UK churches show faith in renewable energy suppliers
Figures released today (1 September) have revealed that 3,500 UK churches have switched electricity suppliers to those that will only source renewable electricity, while US architects have also demanded new legislative action on climate change.
With a growing interest in the building sector to mitigate environment impacts, UK churches have come together to do their part in tackling climate change as part of a nationwide divestment away from fossil fuels.
New data from Christian Aid claims around 2,000 of these announced switches are as a result of decisions made across 16 Catholic dioceses, having already switched to an entirely renewable energy supply following the Pope’s call for environmental consideration from the church. Also, the majority of Salvation Army sites and a third of Britain’s Quaker meeting houses have made the switch.
Christian Aid chief executive Loretta Minghella said: “We need a big shift to renewable energy and a shared commitment to leave the vast majority of fossil fuel reserves in the ground. This action by thousands of churches shows a groundswell of public support for renewables to which governments must respond by doing all they can to shift to a clean energy future.”
Other sustainability efforts have been made by churches throughout the UK. So far, 340 separate congregations have signed up to the Eco-Church scheme, vowing commitment to a number of core environmental improvements and 21 catholic parishes have received a ‘Live Simply’ award that recognises a commitment to sustainability.
Moreover, 700 churches have signed up as part of the ‘big church switch’ initiative promoted by charities Christian Aid and Tearfund. The initiative will be extended into next year following this year’s success.
Not only are the churches calling for sustainable change, but the people who build them are also conducting similar campaigns to help raise climate awareness in the US.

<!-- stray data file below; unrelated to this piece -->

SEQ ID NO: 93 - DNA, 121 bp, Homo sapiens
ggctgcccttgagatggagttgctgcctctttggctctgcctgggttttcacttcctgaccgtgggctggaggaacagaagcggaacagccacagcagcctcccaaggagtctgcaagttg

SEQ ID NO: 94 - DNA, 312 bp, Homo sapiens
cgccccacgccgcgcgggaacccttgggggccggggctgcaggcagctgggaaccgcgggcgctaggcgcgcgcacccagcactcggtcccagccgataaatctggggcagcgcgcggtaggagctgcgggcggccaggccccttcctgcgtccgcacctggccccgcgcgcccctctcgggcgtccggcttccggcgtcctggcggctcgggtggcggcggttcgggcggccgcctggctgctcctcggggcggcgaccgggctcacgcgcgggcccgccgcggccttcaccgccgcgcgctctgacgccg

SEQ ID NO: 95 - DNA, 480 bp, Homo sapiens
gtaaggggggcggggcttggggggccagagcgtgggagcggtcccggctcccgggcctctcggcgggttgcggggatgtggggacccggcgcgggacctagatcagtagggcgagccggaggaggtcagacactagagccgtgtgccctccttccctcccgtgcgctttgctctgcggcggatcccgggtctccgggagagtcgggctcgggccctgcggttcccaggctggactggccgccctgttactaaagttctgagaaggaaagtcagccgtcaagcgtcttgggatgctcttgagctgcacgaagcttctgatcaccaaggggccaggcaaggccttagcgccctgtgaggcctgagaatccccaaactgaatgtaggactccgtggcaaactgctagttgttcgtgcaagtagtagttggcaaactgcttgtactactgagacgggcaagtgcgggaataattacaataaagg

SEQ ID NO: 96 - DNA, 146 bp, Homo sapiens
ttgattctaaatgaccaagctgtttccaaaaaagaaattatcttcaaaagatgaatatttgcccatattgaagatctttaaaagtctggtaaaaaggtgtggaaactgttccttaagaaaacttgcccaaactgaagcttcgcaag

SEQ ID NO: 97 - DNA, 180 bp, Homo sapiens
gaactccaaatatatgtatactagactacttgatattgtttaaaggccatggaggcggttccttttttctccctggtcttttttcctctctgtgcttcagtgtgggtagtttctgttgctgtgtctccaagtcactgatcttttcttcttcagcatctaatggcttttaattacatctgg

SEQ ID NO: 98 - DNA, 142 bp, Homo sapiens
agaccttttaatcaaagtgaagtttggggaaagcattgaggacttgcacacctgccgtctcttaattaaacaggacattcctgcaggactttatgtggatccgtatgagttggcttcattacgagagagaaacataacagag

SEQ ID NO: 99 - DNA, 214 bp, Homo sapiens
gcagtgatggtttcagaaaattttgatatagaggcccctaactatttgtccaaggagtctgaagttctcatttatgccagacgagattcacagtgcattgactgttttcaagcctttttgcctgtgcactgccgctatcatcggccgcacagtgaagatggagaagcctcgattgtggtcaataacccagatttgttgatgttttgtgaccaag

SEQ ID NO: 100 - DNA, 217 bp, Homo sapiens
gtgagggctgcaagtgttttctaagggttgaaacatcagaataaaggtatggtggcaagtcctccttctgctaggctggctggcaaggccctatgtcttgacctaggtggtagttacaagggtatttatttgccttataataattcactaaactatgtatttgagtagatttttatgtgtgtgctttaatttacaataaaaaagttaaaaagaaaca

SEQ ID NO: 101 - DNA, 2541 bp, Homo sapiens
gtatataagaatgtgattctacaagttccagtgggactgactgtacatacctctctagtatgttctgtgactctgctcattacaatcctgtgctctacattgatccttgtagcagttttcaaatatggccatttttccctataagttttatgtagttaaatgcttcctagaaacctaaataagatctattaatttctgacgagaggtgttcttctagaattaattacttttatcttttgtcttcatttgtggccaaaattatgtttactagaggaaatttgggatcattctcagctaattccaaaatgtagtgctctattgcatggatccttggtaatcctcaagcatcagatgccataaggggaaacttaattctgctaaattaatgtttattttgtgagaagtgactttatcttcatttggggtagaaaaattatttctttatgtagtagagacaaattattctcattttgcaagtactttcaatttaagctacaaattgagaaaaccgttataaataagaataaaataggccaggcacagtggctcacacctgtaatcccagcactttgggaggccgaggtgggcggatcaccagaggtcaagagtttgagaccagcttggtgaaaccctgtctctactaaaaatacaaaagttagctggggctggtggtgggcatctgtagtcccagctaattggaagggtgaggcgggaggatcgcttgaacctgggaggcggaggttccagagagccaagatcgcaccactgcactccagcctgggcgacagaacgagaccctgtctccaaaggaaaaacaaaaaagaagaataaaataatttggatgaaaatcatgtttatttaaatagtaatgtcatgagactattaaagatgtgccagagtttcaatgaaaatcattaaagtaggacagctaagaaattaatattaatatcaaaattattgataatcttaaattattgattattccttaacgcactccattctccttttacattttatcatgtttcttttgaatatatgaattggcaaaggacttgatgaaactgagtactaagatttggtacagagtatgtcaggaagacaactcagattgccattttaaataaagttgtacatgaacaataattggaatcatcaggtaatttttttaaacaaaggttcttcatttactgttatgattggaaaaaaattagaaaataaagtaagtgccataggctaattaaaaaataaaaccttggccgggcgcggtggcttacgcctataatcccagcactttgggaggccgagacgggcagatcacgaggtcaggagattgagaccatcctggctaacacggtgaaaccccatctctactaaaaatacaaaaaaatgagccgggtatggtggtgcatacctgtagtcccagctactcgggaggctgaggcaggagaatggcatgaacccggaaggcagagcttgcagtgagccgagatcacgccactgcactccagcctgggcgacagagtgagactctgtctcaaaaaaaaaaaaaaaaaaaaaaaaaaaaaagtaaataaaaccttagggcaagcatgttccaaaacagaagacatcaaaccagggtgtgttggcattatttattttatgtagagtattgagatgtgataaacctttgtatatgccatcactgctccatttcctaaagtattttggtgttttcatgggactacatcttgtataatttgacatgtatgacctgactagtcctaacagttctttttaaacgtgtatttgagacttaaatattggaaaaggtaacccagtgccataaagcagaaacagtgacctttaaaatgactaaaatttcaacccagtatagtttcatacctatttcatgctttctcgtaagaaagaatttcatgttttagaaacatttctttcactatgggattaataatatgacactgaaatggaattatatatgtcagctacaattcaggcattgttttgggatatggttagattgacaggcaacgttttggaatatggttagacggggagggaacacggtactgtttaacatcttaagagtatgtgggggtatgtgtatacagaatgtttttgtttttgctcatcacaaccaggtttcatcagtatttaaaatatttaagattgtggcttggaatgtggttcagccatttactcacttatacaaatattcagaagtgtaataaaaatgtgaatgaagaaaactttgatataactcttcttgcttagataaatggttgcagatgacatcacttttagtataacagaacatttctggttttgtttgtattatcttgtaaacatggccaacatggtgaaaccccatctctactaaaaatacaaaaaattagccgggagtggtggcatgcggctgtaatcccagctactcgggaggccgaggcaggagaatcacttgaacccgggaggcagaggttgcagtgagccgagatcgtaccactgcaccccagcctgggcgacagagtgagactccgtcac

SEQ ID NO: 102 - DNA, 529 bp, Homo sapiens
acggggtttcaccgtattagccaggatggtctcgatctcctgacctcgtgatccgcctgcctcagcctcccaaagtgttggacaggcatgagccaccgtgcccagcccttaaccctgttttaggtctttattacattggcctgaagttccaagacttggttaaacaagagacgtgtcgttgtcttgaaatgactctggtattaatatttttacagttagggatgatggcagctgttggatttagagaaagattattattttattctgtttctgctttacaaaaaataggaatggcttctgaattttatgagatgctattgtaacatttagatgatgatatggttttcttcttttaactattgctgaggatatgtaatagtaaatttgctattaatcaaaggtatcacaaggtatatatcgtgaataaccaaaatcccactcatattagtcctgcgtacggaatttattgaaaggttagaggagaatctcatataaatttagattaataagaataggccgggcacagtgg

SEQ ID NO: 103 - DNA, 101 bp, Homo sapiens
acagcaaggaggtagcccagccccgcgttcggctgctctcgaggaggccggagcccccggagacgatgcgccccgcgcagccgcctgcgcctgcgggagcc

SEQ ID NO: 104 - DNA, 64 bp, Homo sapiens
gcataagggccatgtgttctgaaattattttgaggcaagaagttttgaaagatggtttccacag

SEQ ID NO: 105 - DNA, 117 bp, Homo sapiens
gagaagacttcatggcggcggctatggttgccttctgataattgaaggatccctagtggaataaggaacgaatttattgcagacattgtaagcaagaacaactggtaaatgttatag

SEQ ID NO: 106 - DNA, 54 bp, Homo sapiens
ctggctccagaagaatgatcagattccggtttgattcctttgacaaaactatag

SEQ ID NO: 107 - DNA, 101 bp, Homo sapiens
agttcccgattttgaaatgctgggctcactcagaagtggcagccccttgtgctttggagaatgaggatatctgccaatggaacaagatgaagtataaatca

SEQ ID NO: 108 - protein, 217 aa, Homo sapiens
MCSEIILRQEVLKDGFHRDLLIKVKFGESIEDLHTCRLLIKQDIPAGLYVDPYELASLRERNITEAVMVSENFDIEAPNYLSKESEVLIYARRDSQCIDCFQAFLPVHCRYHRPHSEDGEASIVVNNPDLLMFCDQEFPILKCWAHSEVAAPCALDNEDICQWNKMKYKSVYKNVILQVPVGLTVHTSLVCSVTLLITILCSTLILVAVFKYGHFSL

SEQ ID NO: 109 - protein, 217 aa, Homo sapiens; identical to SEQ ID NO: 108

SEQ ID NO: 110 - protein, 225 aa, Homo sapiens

A group of Chicago based architects are launching an initiative calling for climate action. More than 60 architecture firms and six design industry companies around the city have joined forces for the Architects Advocate campaign.
“Climate change has yielded dramatic, potentially irreversible changes to our communities,” Chicago-based architect and Architects Advocate member Tom Jacobs said. “The core of our effort is the belief that a healthy environment is a civil right, that we need to enact meaningful legislation to mitigate Climate Change, and that architects need to publicly speak out on behalf of this goal by sharing their knowledge and actions creating liveable communities.”
The group focuses on persuading legislative action on climate change and calls for members to speak out publicly and share how actions of architectural firms help in the creation of liveable communities. Members will commit to designing healthy and liveable cities and use their unique position to guide action towards creating responsible communities.
British Universities have also grown more committed to sustainability, adopting renewable energy solutions and various energy saving devices. The National Union of Students (NUS) has called on all UK higher education facilities to play their part in removing a £100m ‘tip of the iceberg’ fossil fuel fund and divest assets into renewable technology.
The universities of Warwick and Edinburgh have previously announced plans to divest from fossil fuels, while a coalition of medical groups has also called on the health sector to follow the example set by churches and get rid of its fossil fuel investments on moral grounds, as it previously did with its tobacco investments.